Farthest Known Galaxy SPT0615-JD Discovered By NASA’s Hubble And Spitzer Space Telescopes

NASA's Hubble and Spitzer space telescopes have discovered the farthest known galaxy.
Bill Ingalls / NASA / Getty Images

NASA’s Hubble and Spitzer space telescopes have discovered the farthest known galaxy in the universe. According to NASA, this new galaxy—named SPT0615-JD—spreads across 2,500 light years and was formed when the universe was just 500 million years old.

Scientists found SPT0615-JD using the data gathered by Hubble’s Reionization Lensing Cluster Survey (RELICS) and S-RELICS Spitzer programs. The analysis suggested that the mass of SPT0615-JD is about 3 billion times that of the solar mass. This galaxy is relatively young in astronomical terms and came into existence shortly after the occurrence of the Big Bang. Although astronomers have detected some other galaxies belonging to this early epoch, all those galaxies appear just as a red dot due to their huge distance from the Earth. However, in case of SPT0615-JD, scientists were able to get a much better image of the galaxy and also determine its actual shape and size, thanks to the gravitational lensing phenomenon in space.

Gravitational lensing phenomenon, first predicted by Albert Einstein about 100 years ago, refers to an effect in which the gravitational field of a large, foreground object amplifies the light originating from a distant object in the background. Due to this effect, the image of the background object gets brightened, although it also gets distorted a bit. This “zoom lens” effect is used by astronomers to search for amplified images of faint, distant galaxies that are otherwise impossible to find using modern-day telescopes like Hubble.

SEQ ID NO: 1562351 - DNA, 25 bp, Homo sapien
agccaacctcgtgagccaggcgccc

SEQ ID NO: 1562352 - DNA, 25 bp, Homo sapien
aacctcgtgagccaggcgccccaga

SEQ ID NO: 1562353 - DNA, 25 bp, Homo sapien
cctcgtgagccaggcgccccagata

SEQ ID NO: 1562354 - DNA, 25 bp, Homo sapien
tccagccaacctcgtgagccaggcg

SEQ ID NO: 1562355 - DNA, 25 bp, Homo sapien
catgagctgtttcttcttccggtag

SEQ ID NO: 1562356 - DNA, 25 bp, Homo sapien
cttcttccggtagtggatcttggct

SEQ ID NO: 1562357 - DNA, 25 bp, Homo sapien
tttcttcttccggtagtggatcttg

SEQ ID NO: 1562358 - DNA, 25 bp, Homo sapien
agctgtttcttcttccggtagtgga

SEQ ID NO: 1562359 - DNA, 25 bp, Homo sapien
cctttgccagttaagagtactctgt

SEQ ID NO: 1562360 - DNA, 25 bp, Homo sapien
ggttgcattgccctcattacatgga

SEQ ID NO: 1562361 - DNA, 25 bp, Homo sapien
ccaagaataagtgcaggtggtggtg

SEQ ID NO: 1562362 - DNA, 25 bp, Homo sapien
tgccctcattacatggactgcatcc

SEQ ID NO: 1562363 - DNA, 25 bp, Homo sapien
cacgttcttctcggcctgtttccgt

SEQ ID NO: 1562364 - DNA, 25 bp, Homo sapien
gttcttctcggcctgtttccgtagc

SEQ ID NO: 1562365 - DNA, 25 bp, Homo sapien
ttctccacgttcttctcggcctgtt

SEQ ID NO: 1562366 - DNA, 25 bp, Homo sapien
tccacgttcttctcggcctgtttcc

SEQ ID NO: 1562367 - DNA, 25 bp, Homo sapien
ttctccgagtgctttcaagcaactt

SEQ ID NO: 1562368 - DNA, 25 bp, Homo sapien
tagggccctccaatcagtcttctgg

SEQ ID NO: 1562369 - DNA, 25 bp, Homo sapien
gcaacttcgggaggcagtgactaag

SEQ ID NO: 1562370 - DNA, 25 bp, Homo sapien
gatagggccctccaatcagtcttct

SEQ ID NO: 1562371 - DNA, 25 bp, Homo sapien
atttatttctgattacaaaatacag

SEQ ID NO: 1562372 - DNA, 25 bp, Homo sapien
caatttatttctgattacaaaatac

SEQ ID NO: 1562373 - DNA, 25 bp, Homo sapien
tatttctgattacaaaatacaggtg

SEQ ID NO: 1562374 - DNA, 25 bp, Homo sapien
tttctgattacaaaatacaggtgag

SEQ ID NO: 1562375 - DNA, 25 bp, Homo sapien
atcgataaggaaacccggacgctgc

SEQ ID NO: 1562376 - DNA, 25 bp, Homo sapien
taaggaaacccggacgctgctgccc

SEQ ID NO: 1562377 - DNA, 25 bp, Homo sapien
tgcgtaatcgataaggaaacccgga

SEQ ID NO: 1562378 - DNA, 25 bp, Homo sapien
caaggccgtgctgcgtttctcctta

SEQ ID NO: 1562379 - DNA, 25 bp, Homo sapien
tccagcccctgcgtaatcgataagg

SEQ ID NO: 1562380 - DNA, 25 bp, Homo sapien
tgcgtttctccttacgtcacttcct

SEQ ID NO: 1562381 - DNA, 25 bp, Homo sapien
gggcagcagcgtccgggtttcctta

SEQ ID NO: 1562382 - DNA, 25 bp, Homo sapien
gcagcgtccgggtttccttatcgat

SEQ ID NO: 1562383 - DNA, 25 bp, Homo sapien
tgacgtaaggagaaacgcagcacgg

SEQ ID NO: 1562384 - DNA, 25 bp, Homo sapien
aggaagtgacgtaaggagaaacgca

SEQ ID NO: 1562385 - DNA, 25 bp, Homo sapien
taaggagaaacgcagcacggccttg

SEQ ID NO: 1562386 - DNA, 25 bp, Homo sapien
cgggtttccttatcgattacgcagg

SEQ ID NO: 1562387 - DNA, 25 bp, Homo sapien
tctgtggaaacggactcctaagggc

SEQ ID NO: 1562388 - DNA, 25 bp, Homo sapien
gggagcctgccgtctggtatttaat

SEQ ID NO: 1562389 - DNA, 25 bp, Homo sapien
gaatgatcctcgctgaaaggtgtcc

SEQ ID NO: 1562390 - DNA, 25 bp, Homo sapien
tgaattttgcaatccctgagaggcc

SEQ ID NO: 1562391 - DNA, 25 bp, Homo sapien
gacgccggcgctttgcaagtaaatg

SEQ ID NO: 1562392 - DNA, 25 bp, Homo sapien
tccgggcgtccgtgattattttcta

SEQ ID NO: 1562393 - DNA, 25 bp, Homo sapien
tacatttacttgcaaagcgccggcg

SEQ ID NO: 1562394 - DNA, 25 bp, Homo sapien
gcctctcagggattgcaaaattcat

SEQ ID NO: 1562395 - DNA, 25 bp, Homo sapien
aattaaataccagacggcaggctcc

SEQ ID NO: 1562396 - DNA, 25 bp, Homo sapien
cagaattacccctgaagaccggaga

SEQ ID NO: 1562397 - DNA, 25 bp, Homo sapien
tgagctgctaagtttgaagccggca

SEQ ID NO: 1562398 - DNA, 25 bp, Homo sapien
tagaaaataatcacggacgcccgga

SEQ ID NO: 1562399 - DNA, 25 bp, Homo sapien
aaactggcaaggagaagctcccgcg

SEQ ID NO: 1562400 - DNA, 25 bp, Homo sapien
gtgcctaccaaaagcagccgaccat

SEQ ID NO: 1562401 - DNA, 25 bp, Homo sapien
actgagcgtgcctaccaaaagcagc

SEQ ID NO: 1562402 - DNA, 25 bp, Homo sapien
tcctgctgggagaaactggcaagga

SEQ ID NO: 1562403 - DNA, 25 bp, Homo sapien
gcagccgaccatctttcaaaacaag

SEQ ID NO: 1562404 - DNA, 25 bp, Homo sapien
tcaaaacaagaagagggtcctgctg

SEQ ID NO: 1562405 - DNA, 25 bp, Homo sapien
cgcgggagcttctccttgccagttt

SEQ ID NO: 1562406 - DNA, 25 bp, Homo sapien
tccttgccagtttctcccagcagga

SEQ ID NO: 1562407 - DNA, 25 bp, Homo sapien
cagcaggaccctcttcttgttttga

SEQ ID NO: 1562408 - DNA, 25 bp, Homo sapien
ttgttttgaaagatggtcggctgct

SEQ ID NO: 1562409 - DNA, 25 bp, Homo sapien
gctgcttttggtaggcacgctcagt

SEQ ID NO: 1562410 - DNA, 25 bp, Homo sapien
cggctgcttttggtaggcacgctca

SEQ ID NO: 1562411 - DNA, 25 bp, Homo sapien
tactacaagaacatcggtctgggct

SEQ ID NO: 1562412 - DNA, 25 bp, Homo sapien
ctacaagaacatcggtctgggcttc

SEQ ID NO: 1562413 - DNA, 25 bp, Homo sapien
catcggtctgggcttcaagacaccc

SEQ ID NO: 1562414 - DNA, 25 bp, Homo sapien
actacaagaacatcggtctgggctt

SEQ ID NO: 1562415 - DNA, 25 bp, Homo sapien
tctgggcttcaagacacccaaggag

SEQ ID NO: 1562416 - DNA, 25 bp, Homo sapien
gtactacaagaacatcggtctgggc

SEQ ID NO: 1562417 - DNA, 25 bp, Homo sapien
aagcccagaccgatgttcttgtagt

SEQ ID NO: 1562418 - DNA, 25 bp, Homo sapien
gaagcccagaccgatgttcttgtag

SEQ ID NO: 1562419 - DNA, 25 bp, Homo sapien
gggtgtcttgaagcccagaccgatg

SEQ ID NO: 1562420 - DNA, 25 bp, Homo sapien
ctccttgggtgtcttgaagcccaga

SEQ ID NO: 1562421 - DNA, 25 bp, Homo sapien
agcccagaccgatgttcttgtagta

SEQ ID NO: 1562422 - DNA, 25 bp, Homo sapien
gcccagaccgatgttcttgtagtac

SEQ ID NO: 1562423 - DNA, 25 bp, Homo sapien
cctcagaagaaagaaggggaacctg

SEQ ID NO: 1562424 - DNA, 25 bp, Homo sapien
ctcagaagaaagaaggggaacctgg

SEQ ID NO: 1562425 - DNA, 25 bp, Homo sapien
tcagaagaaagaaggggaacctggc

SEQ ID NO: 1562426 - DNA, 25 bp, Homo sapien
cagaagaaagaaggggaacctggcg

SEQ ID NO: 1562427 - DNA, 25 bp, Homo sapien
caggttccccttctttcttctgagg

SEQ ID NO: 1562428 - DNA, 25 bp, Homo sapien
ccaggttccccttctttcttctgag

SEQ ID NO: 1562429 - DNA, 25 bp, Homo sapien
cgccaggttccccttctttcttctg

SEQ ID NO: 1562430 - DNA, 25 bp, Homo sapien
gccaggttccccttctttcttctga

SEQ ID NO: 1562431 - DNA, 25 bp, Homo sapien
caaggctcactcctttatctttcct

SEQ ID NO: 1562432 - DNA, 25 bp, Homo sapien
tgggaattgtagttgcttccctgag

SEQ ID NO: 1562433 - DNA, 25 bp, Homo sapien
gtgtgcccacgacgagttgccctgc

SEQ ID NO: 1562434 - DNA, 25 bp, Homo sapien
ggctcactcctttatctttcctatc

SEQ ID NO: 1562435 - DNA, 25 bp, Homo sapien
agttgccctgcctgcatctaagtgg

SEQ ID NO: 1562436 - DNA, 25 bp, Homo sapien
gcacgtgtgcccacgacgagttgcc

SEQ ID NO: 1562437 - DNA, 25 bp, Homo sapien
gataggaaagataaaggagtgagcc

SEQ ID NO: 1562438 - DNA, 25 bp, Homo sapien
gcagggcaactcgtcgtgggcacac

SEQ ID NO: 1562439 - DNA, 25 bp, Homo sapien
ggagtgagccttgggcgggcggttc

According to Astronomy.com, SPT0615-JD is located at such a point in the universe beyond which Hubble is unable to see objects. Scientists believe the upcoming, more powerful James Webb Space Telescope would allow them to discover many more galaxies like SPT0615-JD located much farther away from the Earth.

Brett Salmon, the lead author of the study, will present his findings at the upcoming meeting of the American Astronomical Society in Washington.

About Hubble

The Hubble Space Telescope, named after renowned astronomer Edwin Hubble, was the first major optical telescope to be put in space. This joint mission of NASA and the European Space Agency was launched in the 1990s to provide an unobstructed view of the universe to astronomers. Since its launch, Hubble has made nearly 1.3 million observations, allowing scientists to discover the most distant planets, stars, and galaxies in the universe. Hubble is managed by NASA’s Goddard Space Flight Center in Greenbelt, Maryland, and its science operations are conducted by the Space Telescope Science Institute in Baltimore.